As commented in the previous section, this analysis is not sufficient. Therefore, we proceed to test Hypothesis 2 and present the pertinent results in Table 3. We test the hypothesis (for every value) for each of the samples and for the average of the samples. We find that for we cannot reject the null hypothesis. In fact, rejection occurs in only 51 to 59 times out of 1000 samples. In other words, when the generating stochastic process is a white noise, any day is equally prone to occupy any of the positions in the pattern. This is the same to say that any day could exhibit the best or the worst return of the week, or any intermediate value among them. When we move away from the value 0.5, rejections increase. However, the effect is stronger for than for . This could mean that a positive long range correlation (i.e. a persistent time series) is more likely to exhibit a dayoftheweek behavior than antipersistent time series. Additionally, Monday, Wednesday and Friday are the days most affected by the valuechange of .
Regarding Hypothesis 3, results are displayed in Table 4. In the case of the uncorrelated process (), one encounters that how good or bad is the return within a trading week is independent of the day of the week. This hypothesis is only rejected only 59 times out of the 1000 simulations. When we move away, and then correlations become stronger, patterns exhibits some degree of preference, increasing the number of rejections. As in the case of Hypothesis 3, rejections are more frequent in case of persistent time series.
Hypothesis 4 tests whether the presence of patterns with Monday as the largest return is in agreement with the uniform distribution. There are 24 patterns with Monday as the last element. Consequently, its expected frequency is 0.2. Table 5 displays the results of the simulations. In the case of a pure Gaussian noise, we cannot reject the null hypothesis, as in only 117 out of the 1000 trials we reject it. However, increasing the Hurst exponent produces an increment in the number of rejections. Additionally, we observe that larger Hurst values are associated with greater observed frequency of patterns with Monday as largest return. However, we cannot reject the null hypothesis until or higher.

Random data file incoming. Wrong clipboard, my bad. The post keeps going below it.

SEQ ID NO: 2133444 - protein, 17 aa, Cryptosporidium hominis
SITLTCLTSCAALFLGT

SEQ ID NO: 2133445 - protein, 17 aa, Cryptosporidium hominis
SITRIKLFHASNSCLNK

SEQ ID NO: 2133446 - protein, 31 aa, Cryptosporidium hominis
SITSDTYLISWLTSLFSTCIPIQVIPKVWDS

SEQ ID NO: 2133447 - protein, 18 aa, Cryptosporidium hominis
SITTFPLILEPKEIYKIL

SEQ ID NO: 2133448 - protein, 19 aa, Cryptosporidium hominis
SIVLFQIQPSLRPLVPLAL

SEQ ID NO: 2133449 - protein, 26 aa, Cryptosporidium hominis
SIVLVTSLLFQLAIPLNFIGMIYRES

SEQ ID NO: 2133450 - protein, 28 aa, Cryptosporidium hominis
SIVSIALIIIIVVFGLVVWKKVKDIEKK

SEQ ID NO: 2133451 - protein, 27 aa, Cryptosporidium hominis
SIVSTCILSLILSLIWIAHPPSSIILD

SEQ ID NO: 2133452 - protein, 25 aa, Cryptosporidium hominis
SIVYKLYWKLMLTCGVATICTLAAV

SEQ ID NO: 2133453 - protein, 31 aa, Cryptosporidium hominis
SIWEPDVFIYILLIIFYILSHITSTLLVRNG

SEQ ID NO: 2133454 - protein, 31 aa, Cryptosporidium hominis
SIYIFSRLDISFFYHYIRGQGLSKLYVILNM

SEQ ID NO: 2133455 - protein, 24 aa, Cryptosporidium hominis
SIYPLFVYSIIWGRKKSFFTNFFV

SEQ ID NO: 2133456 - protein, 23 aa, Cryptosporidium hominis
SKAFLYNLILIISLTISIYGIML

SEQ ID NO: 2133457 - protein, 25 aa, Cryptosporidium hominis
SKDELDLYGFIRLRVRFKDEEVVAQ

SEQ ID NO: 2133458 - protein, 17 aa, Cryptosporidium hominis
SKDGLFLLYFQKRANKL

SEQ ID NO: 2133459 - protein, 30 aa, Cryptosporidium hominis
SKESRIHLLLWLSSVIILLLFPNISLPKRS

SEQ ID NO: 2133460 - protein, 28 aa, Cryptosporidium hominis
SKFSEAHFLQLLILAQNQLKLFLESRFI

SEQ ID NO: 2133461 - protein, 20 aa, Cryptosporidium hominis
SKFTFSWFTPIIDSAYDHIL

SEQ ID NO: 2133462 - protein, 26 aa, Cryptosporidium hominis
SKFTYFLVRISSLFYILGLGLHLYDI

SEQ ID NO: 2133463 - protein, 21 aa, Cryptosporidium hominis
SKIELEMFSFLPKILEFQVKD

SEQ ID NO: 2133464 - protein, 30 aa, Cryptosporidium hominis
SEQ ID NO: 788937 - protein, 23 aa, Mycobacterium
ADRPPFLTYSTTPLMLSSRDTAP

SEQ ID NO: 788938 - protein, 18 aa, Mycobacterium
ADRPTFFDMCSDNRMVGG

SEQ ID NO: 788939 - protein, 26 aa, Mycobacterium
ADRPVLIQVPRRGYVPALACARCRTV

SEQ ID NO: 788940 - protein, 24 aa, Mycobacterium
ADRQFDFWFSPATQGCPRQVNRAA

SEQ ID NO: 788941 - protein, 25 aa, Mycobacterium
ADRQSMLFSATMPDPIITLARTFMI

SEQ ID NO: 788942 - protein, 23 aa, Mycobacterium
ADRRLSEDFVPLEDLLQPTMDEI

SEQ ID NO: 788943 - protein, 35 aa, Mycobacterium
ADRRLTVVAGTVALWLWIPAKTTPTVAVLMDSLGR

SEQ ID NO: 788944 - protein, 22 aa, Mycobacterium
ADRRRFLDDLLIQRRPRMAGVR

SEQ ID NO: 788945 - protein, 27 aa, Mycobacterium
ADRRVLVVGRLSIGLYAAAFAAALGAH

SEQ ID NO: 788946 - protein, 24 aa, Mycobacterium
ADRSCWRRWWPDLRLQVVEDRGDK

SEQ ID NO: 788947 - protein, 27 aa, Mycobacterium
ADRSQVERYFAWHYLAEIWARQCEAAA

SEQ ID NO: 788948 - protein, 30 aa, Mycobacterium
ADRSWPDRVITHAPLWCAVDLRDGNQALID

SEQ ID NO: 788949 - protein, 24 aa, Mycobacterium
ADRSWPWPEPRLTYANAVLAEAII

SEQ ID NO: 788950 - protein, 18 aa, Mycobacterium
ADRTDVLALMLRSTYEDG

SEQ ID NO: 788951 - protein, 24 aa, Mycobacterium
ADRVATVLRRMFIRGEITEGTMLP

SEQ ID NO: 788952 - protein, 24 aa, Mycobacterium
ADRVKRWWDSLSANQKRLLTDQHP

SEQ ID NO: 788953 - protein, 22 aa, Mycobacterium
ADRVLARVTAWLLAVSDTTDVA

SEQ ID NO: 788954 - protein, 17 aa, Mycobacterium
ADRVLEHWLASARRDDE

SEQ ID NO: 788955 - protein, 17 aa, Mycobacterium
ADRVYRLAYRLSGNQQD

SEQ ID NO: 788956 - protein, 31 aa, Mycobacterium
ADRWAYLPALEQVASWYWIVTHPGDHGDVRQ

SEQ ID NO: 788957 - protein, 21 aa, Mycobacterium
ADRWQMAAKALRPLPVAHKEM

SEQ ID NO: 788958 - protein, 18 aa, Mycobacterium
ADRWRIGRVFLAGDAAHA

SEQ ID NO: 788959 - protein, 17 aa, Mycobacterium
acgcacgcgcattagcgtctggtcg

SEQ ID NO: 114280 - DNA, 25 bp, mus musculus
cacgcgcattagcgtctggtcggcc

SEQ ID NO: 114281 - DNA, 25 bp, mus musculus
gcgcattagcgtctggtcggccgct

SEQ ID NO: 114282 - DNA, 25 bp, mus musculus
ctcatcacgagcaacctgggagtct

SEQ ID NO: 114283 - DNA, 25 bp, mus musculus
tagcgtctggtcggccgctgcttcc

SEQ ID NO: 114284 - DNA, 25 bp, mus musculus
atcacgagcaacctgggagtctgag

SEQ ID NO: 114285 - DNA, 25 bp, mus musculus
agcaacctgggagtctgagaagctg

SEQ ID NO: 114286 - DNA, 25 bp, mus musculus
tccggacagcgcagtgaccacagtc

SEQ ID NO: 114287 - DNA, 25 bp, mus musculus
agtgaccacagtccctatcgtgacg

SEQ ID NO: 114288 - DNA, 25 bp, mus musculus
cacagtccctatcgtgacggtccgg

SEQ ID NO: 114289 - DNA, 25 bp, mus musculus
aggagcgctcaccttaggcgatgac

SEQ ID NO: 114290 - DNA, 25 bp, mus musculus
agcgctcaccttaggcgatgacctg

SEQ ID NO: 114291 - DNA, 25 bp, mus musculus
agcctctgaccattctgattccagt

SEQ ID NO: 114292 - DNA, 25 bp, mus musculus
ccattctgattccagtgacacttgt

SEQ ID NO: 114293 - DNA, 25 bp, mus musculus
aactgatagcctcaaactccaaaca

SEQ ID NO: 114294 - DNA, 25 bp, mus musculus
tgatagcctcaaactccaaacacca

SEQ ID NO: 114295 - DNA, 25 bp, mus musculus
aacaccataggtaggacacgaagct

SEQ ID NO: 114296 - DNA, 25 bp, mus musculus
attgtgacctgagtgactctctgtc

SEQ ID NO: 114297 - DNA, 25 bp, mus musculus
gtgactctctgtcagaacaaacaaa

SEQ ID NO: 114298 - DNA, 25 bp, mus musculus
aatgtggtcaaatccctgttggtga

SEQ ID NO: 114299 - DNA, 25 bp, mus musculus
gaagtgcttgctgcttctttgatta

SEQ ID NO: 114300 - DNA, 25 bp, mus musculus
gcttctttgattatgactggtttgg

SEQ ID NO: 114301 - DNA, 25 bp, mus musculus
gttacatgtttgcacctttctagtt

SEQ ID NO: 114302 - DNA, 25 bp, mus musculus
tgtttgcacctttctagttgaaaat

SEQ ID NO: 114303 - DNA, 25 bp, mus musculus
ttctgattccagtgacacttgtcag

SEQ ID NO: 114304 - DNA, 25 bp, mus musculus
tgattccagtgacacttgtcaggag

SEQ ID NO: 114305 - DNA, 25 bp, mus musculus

Hypothesis 5 tests the presence of a weekly seasonality with Monday as the smallest return of the week and Friday as the largest. There are 6 patterns with this structure. In analogy with the preceding finding, for an uncorrelated noise, this pattern is neither a preferred nor a rare one. Nevertheless, the increase of the Hurst exponent produces a quick increase in the number of rejections: 309 out of 1000 when . More impressive is how preferred this pattern is in most of the simulations. For , in 698 simulations, the observed frequency of these 6 patters was above expectation, and for , in 873 simulations.
Symbolic analysis is powerful to detect nontrivial hidden correlations in data. As shown by Rosso et al. (2012); Carpi et al. (2010) a correlated structure as produced by fractional Gaussian noise processes generates an uneven presence of patterns. Provided a sufficiently long time series, no pattern is forbidden. However, strongly correlated structure produces the emergence of preferred and rare patterns.
Our artificial time series are larger than the usual datasets used in economics. Consequently, the presence of preferred patterns as the ones evaluated in Hypothesis 5 casts doubts on the validity of previous findings of dayoftheweek. In particular, we claim that, in view of our results, the dayoftheweek effect is mainly produced by a complex correlation structure of the pertinent data.
0.1  224.82856  0.6  20.42699  
#rejections  1000  #rejections  348  
0.2  140.50932  0.7  86.57005  
#rejections  1000  #rejections  996  
0.3  67.89548  0.8  204.51209  
#rejections  970  #rejections  1000  
0.4  18.10740  0.9  386.14031  
#rejections  317  #rejections  1000  
0.5  0.13315  
#rejections  50  
: significant at 10%, 5% and 1% level. 
M  T  X  T  F  
0.1  5.47646  1.94578  5.40877  2.06613  5.80607  
#rejections  461  176  437  176  464  
0.2  3.83407  1.34267  3.30037  1.33138  3.83153  
#rejections  308  124  275  139  318  
0.3  1.95798  0.62585  1.79598  0.59399  2.03637  
#rejections  186  87  146  86  162  
0.4  0.62419  0.17731  0.47961  0.22011  0.60417  
#rejections  82  54  78  57  71  
0.5  0.00666  0.00304  0.00078  0.00500  0.00159  
#rejections  51  53  54  57  59  
0.6  0.76829  0.25922  0.67148  0.25509  0.87231  
#rejections  95  68  79  66  93  
0.7  3.94460  1.16245  3.40845  1.22150  3.72159  
#rejections  318  123  293  114  320  
0.8  9.90281  3.44099  8.96147  3.61403  9.96604  
#rejections  706  270  657  295  719  
0.9  20.42595  7.95607  20.65903  7.86588  20.71557  
#rejections  960  572  966  596  966  
: significant at 10%, 5% and 1% level. 
worst return  best return  
0.1  5.66761  2.40628  4.47306  2.35024  5.80600  
#rejections  461  193  357  188  471  
0.2  3.69734  1.58367  2.83837  1.46318  4.05746  
#rejections  299  133  220  144  335  
0.3  2.08654  0.68270  1.44706  0.80686  1.98700  
#rejections  187  95  117  82  181  
0.4  0.48517  0.21129  0.42396  0.22292  0.76205  
#rejections  73  60  68  51  89  
0.5  0.00390  0.00301  0.00335  0.00009  0.00673  
#rejections  58  57  59  49  37  
0.6  0.78880  0.34282  0.58457  0.24124  0.86898  
#rejections  95  66  85  56  91  
0.7  3.72085  1.27291  3.09096  1.35108  4.02279  
pvalue  0.44510  0.86595  0.54272  0.85265  0.40293  
#rejections  294  115  264  127  315  
0.8  10.08089  3.67766  8.59256  3.66076  9.87346  
#rejections  700  306  631  296  700  
0.9  20.63329  8.33357  20.41387  7.67672  20.56505  
#rejections  965  617  963  570  962  
: significant at 10%, 5% and 1% level. 
Hurst  # of rejections  #  
0.10  0.20  0.18850  0.81150  0.97729  306  161 
0.20  0.20  0.19034  0.80966  0.81787  232  222 
0.30  0.20  0.19397  0.80603  0.50693  172  275